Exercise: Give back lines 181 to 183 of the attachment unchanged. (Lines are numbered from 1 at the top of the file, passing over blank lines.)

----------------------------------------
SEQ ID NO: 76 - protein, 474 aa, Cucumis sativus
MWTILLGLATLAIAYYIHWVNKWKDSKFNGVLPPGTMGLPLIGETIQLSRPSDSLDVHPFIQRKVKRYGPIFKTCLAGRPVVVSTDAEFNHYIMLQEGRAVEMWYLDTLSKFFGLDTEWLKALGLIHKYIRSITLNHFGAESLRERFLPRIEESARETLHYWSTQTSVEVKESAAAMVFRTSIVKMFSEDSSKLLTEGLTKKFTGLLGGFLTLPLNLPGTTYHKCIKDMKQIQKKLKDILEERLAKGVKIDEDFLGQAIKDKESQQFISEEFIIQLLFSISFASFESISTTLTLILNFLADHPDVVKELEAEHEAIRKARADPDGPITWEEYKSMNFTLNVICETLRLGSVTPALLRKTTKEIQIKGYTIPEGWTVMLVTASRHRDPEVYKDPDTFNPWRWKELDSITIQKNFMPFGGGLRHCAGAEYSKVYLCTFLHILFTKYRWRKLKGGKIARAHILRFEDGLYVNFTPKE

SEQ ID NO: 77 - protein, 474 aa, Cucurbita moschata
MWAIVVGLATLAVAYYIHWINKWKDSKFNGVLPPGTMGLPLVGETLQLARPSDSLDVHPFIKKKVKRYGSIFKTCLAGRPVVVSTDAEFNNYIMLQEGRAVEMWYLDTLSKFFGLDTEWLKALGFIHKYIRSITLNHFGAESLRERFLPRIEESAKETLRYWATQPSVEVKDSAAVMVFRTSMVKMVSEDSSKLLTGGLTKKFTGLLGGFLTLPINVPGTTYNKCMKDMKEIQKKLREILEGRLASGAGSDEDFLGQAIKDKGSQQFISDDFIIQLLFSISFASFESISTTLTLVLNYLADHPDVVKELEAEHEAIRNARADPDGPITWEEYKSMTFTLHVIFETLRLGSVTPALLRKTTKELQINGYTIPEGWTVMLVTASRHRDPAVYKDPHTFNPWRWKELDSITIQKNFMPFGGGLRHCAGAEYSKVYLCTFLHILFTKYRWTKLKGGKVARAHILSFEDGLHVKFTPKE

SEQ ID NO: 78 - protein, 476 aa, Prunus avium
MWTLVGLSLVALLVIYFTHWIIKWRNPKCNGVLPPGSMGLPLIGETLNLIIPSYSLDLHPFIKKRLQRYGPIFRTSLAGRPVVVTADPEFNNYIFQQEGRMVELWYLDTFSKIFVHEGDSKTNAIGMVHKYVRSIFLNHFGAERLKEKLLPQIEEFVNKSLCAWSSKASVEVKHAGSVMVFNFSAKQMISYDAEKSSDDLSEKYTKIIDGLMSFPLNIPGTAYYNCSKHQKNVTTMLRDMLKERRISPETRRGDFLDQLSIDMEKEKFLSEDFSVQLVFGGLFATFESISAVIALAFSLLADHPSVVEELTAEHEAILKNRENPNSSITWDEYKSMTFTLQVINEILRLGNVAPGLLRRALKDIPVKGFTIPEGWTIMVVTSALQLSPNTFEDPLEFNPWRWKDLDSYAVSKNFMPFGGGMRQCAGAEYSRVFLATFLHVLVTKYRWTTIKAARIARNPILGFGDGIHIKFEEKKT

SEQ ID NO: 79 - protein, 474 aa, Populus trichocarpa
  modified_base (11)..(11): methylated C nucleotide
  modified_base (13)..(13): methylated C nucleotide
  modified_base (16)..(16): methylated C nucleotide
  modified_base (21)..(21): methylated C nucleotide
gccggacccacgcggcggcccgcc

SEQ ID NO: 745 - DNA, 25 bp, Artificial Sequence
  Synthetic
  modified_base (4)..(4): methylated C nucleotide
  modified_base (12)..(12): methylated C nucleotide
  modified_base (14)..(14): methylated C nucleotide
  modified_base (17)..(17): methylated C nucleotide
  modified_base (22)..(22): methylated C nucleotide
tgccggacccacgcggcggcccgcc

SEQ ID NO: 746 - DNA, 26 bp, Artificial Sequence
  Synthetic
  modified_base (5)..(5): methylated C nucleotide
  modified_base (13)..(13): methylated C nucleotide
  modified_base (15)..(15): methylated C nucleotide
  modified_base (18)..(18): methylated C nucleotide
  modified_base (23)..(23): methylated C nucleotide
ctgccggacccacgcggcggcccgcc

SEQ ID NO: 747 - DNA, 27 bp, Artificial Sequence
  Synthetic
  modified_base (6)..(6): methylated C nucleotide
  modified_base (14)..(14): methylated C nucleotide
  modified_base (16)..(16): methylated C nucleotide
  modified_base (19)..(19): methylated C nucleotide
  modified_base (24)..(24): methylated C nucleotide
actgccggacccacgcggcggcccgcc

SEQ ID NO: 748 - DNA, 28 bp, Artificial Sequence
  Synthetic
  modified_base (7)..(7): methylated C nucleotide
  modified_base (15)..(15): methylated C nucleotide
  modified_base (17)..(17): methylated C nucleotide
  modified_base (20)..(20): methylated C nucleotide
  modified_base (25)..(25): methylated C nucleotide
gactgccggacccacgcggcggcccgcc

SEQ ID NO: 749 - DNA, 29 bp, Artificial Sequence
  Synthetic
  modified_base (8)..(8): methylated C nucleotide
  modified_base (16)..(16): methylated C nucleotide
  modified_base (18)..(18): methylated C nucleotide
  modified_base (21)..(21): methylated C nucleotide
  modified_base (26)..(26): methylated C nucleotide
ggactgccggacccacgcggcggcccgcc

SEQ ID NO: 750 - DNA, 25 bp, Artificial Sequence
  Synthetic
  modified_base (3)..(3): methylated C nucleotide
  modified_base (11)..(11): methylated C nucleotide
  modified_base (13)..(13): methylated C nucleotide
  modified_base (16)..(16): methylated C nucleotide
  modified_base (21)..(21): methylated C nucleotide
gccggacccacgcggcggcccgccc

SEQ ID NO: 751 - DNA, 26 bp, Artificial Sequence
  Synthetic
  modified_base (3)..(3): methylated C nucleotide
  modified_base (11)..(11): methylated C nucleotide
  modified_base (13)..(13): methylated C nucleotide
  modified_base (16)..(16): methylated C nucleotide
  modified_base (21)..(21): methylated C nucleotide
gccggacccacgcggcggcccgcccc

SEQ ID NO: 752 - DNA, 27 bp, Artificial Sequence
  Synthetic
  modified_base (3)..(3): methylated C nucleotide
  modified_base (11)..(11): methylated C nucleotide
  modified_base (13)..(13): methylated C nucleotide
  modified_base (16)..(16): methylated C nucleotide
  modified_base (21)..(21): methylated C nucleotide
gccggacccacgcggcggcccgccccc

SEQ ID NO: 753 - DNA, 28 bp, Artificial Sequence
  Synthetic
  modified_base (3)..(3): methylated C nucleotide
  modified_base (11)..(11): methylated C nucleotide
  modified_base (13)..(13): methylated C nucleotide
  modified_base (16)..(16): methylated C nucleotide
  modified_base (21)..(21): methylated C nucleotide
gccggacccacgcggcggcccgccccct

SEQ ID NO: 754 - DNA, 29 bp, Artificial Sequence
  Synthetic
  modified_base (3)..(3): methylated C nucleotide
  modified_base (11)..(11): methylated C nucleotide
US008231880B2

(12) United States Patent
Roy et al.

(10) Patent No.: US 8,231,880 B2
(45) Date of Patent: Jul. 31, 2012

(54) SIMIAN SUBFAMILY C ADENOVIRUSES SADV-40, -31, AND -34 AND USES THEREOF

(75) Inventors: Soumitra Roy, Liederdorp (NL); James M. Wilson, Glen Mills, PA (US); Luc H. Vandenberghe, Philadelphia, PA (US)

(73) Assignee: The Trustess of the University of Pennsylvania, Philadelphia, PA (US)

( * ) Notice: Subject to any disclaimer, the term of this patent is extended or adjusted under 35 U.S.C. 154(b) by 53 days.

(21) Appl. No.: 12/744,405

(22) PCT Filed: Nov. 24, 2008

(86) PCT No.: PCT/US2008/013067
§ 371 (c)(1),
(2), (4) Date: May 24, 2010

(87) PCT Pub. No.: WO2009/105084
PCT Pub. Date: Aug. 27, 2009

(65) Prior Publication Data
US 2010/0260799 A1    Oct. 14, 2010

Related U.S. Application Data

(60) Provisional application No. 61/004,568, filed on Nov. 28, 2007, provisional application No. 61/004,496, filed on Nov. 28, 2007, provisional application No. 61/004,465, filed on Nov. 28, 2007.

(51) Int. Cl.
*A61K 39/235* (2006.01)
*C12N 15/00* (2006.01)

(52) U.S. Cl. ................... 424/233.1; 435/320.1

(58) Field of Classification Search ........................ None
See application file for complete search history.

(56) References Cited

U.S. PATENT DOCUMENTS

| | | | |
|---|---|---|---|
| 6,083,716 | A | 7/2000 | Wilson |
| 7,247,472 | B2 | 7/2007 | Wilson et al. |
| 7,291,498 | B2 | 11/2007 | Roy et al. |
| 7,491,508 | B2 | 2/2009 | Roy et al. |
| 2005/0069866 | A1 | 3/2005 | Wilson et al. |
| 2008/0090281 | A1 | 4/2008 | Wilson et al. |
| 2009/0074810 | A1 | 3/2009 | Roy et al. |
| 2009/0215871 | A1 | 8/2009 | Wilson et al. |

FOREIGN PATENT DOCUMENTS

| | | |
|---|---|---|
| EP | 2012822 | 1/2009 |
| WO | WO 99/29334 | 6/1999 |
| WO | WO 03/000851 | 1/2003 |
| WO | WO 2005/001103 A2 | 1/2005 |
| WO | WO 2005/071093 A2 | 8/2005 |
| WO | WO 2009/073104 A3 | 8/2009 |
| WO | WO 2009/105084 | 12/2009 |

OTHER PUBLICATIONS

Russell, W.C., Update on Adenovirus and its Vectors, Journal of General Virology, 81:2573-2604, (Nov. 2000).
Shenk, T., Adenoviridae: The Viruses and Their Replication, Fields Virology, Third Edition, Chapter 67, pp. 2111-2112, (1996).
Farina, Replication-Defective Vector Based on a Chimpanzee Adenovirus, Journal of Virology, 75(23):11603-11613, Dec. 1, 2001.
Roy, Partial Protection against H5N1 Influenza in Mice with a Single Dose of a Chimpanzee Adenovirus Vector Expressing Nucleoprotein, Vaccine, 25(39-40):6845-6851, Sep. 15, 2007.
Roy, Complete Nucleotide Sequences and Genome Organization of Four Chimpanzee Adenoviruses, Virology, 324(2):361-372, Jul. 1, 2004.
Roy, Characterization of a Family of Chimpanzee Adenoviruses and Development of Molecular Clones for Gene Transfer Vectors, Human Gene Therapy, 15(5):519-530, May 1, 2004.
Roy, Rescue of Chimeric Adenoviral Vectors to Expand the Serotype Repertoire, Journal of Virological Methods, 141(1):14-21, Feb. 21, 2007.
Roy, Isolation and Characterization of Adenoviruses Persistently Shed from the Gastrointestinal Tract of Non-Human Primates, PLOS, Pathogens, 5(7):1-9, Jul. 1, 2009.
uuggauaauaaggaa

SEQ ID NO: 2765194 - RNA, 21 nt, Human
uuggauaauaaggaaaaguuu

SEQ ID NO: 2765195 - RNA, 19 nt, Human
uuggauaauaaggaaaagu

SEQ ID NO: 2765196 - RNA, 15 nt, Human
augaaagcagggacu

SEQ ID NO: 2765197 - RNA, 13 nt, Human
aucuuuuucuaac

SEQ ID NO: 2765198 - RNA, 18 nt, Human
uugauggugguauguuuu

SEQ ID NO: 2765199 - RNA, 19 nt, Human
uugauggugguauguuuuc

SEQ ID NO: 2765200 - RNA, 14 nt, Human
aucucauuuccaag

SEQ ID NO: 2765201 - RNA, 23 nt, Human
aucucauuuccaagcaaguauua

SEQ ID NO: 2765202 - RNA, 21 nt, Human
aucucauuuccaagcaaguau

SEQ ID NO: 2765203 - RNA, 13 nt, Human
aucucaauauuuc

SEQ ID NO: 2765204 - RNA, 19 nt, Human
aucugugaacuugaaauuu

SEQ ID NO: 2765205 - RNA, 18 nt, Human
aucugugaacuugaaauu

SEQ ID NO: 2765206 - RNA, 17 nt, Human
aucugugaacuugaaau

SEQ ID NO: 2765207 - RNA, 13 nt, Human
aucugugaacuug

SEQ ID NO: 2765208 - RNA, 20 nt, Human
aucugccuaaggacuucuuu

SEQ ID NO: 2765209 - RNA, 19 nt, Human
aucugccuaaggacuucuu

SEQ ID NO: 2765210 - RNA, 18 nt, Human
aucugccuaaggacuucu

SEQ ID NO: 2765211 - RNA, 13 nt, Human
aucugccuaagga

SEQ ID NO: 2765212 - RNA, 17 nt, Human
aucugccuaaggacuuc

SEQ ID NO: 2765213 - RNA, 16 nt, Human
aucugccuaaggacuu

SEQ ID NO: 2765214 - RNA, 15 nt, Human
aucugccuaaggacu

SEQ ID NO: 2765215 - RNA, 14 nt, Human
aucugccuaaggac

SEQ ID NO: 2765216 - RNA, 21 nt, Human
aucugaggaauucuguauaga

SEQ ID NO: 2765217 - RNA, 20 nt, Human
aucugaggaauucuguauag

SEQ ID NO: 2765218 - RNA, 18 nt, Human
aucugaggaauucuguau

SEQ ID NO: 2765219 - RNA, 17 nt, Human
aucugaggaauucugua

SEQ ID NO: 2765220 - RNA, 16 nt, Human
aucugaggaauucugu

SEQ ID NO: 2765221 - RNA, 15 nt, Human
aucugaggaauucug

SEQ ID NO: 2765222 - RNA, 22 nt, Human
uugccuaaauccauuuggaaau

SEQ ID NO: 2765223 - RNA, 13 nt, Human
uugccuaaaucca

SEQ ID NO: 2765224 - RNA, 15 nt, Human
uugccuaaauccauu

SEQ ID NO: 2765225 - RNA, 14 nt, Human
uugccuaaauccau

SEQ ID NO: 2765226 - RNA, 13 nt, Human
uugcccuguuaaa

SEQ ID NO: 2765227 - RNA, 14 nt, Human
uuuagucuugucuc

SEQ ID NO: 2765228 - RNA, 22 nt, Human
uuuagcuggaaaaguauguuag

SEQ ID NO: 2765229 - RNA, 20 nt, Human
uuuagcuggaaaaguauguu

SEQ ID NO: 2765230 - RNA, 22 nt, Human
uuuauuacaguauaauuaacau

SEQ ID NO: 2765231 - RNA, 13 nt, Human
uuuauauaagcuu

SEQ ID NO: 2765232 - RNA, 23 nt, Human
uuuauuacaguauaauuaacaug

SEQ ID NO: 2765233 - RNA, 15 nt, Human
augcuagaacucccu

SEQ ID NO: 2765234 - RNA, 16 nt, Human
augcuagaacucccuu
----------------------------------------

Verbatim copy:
SEQ ID NO: 2765211 - RNA, 13 nt, Human
aucugccuaagga

SEQ ID NO: 2765212 - RNA, 17 nt, Human